Robert Eller


CVCC has an unusual distinction. Over its history it has had more names than presidents. If you are counting, the score is 4-3. What began as the Catawba County Industrial Education Center, then became Catawba Valley Technical Institute (folks called it “the tech”), then Catawba Valley Technical College. Now it is Catawba Valley Community College. Bob Paap started the whole thing from scratch and Dr. Garrett D. Hinshaw serves as the current president. But in between another man took the helm for almost 17 years, a pivotal time in the school’s history.

Dr. Cuylar A. Dunbar had already started a community college over in Tennessee. Right about the time Mr. Paap was creating the IEC in Hickory, Dunbar began his career teaching high school math and science. Once he got his doctorate from Auburn, he went back to his native state and became Dean of Students at Tennessee’s first community college. When plans to build Roane State Community College in Harriman came, Dr. Dunbar became its first president, the youngest in the state’s history, a feat similar to when Dr. Hinshaw came to Catawba Valley Community College.

After his first retirement, Dunbar took a look at CVCC and liked what he saw. “There’s a lot going on in Catawba County,” he said, “noticing right off” that the community had an “interest in having an outstanding educational system.” With a career’s worth of experience already (Roane State had a bigger budget but CVCC had a larger student body), he became the school’s second president.

Among the goals Dr. Dunbar intended to pursue was adult literacy, a problem that plagued the CVCC service area. The new college president noted that one in three adults in North Carolina could not read and 30,000 people in Catawba County had only an eighth-grade education. He got right to work. Luckily, he found an Alexander County woman that had been crusading to improve literacy for a decade when he arrived.

Once a housewife, Susie Barkley went back to school to get a degree from Lenoir-Rhyne, giving her empathy for the people she recruited. Saying, “I know what it’s like to be handicapped by lack of education,” Barkley became the only full-time CVCC employee in Alexander. She oversaw “more than 100” residents of the county taking classes each week. She also aggressively visited “county businesses, farms, churches, and restaurants looking for new students.” Over and over, she had to combat the “my daddy did OK with an eighth-grade education” mentality, reminding residents that times had changed. At their first meeting, Barkley “tried to convince Dunbar” that he needed to set up a “satellite GED testing center in Alexander County. Her conversations with reticent students told her that many felt “intimidated when they must travel to CVCC’s Hickory campus to take their tests.” She declared, “that might as well be Harvard for some of my students.”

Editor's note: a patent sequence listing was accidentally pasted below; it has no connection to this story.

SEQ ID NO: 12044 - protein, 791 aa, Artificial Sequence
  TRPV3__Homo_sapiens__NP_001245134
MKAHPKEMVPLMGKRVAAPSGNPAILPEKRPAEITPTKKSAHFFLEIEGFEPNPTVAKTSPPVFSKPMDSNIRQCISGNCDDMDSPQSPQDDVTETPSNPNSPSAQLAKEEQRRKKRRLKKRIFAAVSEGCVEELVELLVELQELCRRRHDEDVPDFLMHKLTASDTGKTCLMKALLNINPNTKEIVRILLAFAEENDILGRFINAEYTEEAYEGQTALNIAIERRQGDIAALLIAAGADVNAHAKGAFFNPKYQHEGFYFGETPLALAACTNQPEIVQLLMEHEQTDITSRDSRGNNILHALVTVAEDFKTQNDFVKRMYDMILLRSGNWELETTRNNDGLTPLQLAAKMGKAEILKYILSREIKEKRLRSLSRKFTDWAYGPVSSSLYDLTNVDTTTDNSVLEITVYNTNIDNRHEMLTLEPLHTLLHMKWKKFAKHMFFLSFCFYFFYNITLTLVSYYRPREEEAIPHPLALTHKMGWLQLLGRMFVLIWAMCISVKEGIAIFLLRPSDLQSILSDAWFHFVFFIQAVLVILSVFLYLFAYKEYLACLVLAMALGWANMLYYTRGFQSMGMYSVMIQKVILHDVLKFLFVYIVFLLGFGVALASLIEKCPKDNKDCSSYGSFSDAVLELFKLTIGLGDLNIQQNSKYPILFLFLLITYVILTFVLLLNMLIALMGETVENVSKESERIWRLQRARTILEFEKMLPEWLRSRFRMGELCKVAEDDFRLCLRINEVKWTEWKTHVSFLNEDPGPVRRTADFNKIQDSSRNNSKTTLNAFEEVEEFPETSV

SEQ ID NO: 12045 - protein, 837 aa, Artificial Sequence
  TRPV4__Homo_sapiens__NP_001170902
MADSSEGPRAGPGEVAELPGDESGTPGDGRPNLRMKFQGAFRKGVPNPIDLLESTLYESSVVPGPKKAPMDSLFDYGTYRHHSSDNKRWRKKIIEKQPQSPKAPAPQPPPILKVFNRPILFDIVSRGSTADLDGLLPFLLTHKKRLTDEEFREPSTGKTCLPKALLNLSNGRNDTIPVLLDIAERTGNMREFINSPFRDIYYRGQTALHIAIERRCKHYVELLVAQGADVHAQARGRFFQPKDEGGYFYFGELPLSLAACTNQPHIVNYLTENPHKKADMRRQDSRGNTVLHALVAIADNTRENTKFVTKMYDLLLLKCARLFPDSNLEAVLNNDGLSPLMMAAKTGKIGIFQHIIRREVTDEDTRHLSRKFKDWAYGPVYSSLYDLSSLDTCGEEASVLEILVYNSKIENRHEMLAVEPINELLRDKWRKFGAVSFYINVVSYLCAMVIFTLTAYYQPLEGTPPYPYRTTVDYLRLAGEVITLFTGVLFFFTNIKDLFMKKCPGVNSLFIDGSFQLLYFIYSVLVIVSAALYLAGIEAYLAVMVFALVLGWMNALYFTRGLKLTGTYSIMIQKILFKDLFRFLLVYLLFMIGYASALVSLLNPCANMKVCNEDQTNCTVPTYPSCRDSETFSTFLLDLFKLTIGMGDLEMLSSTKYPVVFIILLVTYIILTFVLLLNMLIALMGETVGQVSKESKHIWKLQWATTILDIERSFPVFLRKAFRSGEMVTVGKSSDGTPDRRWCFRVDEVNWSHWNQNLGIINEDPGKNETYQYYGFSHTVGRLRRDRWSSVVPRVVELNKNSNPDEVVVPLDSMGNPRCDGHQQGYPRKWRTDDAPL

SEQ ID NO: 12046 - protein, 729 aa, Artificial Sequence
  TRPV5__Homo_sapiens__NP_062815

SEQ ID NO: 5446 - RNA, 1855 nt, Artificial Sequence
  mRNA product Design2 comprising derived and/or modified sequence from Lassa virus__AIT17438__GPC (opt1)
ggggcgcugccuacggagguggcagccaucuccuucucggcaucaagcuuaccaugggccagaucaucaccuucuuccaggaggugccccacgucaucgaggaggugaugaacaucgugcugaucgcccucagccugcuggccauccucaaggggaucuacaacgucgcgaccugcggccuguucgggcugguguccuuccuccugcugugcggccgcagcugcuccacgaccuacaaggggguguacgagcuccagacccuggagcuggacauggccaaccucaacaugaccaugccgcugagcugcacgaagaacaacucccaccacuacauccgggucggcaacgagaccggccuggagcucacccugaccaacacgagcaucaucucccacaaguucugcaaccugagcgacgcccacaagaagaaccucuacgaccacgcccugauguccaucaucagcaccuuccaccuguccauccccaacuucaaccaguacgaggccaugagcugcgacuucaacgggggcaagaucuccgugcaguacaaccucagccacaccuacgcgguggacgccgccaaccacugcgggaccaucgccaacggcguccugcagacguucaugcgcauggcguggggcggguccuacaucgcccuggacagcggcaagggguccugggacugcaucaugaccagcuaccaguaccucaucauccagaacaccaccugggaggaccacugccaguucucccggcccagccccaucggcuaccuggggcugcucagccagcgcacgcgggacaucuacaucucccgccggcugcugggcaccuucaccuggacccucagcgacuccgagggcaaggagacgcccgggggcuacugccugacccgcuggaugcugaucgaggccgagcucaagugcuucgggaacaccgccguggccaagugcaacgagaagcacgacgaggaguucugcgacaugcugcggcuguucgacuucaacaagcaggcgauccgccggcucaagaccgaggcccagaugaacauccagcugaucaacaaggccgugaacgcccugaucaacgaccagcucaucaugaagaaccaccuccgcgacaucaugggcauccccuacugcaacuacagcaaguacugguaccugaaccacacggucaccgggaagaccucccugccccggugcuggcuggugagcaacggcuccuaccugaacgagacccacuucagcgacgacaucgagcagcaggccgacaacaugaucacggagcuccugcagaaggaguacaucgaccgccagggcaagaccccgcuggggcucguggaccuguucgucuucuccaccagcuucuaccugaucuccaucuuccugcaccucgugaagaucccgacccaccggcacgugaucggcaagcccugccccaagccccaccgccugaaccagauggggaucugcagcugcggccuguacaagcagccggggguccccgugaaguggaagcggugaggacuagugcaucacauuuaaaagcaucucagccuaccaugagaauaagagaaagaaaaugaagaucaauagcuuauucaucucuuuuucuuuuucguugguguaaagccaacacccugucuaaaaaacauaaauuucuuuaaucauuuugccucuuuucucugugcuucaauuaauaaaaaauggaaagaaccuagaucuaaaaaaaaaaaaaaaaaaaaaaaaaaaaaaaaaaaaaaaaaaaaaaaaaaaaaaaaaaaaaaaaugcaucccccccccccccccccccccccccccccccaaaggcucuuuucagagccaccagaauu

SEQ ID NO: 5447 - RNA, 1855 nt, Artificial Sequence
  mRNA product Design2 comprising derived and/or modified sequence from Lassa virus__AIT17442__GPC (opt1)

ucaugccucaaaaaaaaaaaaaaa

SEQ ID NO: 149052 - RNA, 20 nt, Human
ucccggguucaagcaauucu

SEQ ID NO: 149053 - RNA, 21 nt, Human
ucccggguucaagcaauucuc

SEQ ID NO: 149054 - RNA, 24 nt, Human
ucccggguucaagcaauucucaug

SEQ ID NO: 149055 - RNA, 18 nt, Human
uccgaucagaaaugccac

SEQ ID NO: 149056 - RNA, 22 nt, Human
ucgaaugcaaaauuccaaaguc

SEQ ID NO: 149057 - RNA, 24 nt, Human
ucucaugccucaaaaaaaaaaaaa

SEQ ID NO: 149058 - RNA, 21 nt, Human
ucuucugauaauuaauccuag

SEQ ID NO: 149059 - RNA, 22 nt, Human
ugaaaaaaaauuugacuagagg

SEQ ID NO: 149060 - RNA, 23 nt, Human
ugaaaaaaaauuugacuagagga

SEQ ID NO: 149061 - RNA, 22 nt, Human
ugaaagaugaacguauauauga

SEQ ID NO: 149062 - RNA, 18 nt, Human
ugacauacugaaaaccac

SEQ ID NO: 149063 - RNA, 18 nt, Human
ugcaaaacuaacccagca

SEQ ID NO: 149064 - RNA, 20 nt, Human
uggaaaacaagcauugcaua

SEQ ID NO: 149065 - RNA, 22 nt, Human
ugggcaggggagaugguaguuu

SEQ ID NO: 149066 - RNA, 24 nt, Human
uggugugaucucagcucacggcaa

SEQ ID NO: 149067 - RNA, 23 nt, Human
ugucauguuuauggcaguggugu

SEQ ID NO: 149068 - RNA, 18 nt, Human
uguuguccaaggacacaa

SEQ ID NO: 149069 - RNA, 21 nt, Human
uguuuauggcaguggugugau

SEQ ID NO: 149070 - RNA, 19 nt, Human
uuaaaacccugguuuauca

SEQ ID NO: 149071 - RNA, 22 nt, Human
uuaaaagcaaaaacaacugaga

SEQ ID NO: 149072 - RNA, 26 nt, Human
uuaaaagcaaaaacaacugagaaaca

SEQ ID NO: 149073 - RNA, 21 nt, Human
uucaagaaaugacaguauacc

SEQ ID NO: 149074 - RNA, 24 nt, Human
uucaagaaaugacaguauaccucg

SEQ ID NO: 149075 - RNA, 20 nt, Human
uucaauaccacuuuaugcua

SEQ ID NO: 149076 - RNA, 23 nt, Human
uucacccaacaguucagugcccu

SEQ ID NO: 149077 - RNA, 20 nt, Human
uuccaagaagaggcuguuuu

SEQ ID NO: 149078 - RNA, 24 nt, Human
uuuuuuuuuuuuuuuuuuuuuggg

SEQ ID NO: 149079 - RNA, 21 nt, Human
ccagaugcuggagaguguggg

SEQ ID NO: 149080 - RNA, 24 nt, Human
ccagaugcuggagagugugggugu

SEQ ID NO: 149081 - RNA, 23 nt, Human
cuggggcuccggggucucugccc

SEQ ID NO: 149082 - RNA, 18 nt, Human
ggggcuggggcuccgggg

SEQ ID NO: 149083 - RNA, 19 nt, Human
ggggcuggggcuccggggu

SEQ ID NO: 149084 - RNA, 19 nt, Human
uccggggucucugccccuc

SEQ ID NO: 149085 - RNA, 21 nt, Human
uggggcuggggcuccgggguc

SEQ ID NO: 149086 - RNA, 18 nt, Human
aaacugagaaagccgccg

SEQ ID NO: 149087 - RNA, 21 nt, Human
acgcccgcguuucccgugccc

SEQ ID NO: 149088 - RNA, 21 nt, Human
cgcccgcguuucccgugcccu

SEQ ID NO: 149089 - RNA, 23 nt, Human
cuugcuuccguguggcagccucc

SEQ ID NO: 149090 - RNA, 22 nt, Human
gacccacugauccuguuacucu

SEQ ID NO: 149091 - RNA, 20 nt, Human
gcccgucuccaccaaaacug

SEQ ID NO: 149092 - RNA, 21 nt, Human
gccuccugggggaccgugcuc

The partnership between the Taylorsvillean and the Tennessean proved fruitful. He took Barkley’s suggestion and started beefed up offerings in Alexander County. By 1994, only five years into his time as president, the U.S. Department of Education named CVCC as one of “the 10 most outstanding adult education programs in the nation, “the only program chosen in North Carolina.”

Dr. Dunbar oversaw a period of strong growth for the college. He engaged in numerous initiatives that helped CVCC to continue to grow. Maybe one of his secrets to success was recognizing talent when he saw it.

Photo: Dr. Cuylar A. Dunbar as president of CVCC. As a thank you, the college named its five-story classroom building (the largest on campus) for him when he retired in 2006.